Property Stocks Drag Dubai to New One-month Low

DUBAI — Property stocks on Thursday dragged Dubai’s benchmark index to a fresh one-month low as investors resume selling after an initial rally, with Dubai’s debt problems pushing investors to exit the market despite positive international markets and stable oil prices.

By Muzaffar Rizvi

Published: Fri 15 Jan 2010, 11:45 PM

Last updated: Mon 6 Apr 2015, 10:24 AM

Union Properties PJSC, the Dubai-based developer, dropped to its lowest level in three weeks and closed at Dh0.66, reflecting a decline of 2.94 per cent. UAE’s largest property developer Emaar closed 0.85 per cent down at Dh3.52 per cent while construction firm Arabtec Holding fell 0.82 per cent at Dh2.41.

Dubai Financial Market’s general index closed 0.3 per cent down at 1,707.37 points, its lowest close since December 13. The share market continued its decline and dropped for a fifth consecutive day and lost 7.1 per cent during last week. Shares with a value of Dh375 million, or $102 million, traded yesterday on the Dubai Financial Market. That compares with a 50-day average of Dh648 million.

Drake & Scull International retreated for a fourth day as the chief financial officer resigned. Its shares lost 1.2 per cent and closed at Dh0.84, bringing the four-day decline to 7.7 per cent.

The Dubai-based construction company also said it won two contracts worth Dh182 million in Abu Dhabi. The shares gained as much as 3.5 per cent earlier.

In banking sector, Emirates NBD lost 1.44 per cent and closed at Dh2.73. Dubai Islamic Bank gained 1.38 per cent and finished the day at Dh2.20.

Abu Dhabi Securities Exchange also retreated yesterday and fell 0.24 per cent at 2,707.20 points. Aabar Investments and Aldar Properties closed at Dh2.35 and Dh4.61, respectively. National Bank of Abu Dhabi and First Gulf Bank fell 2.1 and three per cent, respectively.

“UAE markets are performing strangely,” said Amed Hamdi, senior relationship manager at Prime Emirates. “Most international markets are performing well, oil is looking good and the domestic economy isn’t bad, so people are probably waiting for more news about Dubai World debt restructuring. The uncertainty is overhanging the market.”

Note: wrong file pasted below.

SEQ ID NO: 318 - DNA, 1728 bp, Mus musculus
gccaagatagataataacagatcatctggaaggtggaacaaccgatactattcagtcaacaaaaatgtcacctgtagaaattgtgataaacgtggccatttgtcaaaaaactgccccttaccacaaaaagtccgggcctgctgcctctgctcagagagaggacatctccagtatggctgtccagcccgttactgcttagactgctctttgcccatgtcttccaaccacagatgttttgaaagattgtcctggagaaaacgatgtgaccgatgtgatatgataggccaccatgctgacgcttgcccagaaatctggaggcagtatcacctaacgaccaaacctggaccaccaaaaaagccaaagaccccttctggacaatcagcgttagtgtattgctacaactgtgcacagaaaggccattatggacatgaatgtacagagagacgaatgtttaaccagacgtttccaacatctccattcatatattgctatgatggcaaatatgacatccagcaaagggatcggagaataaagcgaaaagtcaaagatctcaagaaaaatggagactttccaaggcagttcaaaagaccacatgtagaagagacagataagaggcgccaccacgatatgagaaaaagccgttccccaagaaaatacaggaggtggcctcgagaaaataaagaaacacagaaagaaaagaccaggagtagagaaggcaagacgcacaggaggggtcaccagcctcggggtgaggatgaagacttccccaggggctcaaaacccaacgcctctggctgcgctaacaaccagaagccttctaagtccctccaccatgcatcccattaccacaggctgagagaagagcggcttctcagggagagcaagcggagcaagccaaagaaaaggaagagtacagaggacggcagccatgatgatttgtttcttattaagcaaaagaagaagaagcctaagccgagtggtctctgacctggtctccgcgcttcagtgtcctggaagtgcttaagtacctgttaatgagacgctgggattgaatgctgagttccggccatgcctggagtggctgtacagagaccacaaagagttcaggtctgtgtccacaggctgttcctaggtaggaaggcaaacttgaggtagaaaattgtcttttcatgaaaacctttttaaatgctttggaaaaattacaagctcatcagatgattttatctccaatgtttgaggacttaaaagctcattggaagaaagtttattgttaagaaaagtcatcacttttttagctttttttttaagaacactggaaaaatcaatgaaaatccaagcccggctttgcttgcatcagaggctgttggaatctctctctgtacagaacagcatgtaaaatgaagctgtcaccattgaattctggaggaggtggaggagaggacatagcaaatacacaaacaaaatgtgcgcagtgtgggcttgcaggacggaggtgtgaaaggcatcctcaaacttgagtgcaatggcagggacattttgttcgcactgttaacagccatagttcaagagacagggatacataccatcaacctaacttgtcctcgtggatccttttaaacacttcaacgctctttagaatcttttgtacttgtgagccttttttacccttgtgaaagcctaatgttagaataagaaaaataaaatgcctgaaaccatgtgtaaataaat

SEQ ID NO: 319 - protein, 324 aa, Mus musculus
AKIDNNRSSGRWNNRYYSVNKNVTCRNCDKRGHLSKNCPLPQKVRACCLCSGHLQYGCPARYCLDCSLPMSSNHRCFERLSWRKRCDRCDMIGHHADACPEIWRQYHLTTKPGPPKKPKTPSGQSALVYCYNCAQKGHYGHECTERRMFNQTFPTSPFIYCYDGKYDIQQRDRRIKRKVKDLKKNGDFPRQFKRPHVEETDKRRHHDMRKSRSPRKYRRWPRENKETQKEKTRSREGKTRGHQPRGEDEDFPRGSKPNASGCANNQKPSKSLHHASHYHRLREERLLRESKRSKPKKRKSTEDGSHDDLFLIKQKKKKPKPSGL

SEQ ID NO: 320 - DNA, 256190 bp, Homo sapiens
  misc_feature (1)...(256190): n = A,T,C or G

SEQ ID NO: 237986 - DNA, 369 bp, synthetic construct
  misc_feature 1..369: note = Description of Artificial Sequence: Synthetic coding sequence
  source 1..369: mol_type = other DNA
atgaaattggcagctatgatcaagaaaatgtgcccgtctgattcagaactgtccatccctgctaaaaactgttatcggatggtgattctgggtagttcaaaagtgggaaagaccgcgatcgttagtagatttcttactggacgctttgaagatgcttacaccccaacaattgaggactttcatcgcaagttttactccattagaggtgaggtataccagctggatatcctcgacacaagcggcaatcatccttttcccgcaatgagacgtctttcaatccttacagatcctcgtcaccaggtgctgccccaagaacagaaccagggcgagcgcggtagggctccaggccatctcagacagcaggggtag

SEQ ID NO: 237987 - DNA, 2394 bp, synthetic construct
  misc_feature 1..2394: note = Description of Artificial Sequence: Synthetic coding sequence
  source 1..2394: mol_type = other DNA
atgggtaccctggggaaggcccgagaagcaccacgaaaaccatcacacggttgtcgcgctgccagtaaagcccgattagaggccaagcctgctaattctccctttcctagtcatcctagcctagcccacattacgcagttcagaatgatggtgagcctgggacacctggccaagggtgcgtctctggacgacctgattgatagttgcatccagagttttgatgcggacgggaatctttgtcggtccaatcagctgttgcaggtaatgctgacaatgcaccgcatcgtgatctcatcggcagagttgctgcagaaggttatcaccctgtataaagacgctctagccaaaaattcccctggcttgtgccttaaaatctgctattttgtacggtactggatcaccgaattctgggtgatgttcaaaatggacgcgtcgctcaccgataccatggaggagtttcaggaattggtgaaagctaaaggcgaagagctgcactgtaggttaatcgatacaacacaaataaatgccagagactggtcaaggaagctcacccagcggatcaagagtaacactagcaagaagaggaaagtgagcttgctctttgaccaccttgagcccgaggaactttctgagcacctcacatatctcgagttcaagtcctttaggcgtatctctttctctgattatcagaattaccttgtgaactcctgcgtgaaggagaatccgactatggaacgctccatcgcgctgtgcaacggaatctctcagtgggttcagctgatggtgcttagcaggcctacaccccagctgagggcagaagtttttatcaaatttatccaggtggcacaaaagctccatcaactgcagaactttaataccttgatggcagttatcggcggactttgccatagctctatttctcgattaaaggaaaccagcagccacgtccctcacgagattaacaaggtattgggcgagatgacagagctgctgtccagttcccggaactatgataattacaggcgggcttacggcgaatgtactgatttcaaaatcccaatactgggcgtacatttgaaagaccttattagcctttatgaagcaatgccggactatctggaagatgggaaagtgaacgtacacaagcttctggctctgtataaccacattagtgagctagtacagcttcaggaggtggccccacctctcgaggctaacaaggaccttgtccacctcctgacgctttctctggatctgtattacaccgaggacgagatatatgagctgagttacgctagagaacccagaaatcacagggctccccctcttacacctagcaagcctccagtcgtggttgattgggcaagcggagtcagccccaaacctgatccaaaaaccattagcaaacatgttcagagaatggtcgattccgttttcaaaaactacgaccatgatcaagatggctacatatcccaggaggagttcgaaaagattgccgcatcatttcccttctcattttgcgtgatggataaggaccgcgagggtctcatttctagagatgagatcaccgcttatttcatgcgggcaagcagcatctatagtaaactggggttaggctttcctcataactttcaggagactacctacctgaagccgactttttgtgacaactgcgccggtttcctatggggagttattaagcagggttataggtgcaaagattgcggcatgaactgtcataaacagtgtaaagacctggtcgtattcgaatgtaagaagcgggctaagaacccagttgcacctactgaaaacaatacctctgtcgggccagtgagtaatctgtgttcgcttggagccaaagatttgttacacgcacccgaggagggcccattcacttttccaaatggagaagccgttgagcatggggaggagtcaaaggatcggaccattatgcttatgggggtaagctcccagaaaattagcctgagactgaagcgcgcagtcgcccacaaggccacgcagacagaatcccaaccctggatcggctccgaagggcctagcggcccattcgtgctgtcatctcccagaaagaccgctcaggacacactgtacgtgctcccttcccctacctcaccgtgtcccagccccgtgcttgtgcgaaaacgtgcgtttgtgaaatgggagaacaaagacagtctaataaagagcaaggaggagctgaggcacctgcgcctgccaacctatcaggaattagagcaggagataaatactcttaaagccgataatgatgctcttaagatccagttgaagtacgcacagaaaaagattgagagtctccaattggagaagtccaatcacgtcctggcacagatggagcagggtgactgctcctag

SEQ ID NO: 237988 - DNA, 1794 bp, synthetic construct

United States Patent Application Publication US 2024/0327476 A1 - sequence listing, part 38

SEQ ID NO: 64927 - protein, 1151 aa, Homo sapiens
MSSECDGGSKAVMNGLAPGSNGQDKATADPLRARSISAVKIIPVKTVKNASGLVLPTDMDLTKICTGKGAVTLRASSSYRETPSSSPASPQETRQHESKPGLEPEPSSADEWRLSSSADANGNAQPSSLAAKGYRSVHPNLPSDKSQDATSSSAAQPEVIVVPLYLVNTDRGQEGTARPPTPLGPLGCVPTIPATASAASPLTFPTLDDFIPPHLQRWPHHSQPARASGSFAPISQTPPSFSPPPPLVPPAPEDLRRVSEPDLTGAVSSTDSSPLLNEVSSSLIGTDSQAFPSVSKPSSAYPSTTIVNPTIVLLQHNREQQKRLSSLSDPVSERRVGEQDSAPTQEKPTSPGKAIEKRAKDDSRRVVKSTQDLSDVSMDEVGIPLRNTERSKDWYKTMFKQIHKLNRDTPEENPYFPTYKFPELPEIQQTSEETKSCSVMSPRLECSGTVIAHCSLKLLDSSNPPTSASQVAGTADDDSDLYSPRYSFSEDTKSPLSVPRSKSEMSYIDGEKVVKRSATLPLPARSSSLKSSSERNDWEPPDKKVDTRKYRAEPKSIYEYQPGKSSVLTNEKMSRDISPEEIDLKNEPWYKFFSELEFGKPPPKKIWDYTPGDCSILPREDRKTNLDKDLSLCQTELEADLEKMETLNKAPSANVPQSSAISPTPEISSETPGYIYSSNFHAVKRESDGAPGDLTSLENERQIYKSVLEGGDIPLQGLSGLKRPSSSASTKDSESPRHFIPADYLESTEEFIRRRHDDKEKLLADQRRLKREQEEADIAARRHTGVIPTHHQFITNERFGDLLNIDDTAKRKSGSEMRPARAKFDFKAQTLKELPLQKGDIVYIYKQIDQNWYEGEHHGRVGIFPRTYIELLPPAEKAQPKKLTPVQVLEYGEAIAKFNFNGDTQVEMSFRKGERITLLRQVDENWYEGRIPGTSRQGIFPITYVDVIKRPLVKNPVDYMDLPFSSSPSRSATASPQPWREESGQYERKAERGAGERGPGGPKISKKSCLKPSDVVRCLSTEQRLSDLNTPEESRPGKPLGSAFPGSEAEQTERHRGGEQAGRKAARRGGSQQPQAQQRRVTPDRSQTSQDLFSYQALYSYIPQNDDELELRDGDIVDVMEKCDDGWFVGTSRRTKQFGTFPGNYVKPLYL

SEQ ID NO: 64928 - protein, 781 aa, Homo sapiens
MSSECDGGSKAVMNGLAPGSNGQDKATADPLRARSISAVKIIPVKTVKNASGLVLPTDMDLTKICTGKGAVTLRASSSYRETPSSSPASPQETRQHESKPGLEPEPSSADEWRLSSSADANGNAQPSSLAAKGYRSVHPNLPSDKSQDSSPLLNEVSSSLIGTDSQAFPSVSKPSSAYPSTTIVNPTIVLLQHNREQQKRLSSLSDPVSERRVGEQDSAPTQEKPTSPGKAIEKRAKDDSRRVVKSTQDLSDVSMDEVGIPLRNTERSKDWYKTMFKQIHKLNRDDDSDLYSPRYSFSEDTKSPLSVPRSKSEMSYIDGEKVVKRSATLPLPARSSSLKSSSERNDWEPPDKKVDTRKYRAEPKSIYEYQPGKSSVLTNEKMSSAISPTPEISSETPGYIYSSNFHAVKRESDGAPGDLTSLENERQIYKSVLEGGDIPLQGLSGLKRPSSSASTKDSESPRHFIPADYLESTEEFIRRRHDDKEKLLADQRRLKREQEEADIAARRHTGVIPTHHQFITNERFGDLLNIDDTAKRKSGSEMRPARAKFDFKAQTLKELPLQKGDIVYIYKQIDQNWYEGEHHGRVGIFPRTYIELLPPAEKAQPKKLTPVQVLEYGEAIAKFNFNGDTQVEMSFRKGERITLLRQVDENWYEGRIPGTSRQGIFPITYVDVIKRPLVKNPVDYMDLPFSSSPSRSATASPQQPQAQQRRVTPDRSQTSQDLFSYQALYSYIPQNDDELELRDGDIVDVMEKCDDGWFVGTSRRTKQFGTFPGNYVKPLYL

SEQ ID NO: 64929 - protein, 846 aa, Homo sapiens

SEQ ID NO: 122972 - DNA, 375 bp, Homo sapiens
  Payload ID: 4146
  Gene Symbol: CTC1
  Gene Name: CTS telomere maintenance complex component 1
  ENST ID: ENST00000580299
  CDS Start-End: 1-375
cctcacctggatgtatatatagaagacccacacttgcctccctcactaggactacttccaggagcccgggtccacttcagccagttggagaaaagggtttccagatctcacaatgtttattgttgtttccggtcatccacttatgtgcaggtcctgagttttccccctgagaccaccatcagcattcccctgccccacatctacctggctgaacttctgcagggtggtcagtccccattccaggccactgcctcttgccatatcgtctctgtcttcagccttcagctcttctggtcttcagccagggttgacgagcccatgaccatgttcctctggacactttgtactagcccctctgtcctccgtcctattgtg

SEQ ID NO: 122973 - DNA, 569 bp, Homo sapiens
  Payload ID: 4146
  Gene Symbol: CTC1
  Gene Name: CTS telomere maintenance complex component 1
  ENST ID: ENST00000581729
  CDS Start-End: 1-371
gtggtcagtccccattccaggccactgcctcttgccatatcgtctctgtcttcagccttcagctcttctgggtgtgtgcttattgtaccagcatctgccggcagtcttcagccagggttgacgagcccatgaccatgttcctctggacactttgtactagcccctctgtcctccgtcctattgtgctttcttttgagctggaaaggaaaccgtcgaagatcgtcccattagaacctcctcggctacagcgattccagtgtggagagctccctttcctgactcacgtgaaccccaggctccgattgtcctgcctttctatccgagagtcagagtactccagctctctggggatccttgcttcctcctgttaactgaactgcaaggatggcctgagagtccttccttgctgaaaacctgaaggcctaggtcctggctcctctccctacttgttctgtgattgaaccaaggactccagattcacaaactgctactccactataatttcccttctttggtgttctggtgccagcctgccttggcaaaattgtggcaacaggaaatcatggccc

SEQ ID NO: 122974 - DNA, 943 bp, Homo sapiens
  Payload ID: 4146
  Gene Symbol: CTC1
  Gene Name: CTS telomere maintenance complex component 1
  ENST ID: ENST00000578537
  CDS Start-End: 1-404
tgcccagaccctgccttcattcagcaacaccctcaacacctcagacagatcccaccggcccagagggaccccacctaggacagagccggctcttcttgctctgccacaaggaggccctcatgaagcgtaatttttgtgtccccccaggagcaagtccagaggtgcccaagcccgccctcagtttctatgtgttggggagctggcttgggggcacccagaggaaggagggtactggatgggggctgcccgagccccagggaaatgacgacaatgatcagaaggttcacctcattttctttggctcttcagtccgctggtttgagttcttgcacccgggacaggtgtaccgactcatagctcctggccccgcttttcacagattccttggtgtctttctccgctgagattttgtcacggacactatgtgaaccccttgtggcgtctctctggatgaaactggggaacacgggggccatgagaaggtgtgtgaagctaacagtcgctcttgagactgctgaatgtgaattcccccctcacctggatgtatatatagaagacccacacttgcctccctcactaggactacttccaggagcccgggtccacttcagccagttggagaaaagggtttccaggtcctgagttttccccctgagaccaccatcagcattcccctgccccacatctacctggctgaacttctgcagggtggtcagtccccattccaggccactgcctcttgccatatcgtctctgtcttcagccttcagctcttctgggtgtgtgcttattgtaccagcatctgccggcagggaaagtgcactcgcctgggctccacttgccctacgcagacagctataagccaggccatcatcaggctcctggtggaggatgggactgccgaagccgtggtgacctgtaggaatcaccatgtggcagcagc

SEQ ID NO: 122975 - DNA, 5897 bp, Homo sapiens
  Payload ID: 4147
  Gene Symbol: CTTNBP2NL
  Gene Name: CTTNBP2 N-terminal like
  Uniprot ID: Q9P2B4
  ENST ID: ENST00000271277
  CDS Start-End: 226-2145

“A wait-and-see mode is prevailing among investors who are waiting to get more visibility on the Dubai debt-restructuring issue and fourth-quarter results,” said Rami Sidani, head of Middle East and North Africa investment at Schroder Investment Management Limited.

The Dubai and Abu Dhabi benchmarks made their largest declines for three weeks on Wednesday as a property-led sell off sent stocks tumbling, with the New Year feel-good factor a fading memory as investors once again focus on an uncertain corporate outlook.

“Real estate is getting hammered and there’s been heavy foreign selling in Emaar — the sector is not favoured by investors,” said Hamdi.

“I don’t think people are optimistic about the results after the numbers from Saudi Arabia were not encouraging — everyone is off-loading positions and waiting for the earnings season to start.” The fourth-quarter earnings season will start later this month in the UAE. Saudi Arabia’s banks’ quarterly profits have broadly missed forecasts.

In other regional markets, Oman’s MSM-30 Index slid 0.5 per cent to 6,547 points and Bahrain’s measure lost 0.3 per cent to 1,471 points. The Kuwait Stock Exchange Index added less than 0.04 per cent at 6,986 points and Qatar’s DSM-20 index rose 0.3 per cent to 6,885 points. Saudi Arabia’s exchange is closed for the weekend.


· With inputs from agencies

More news from Business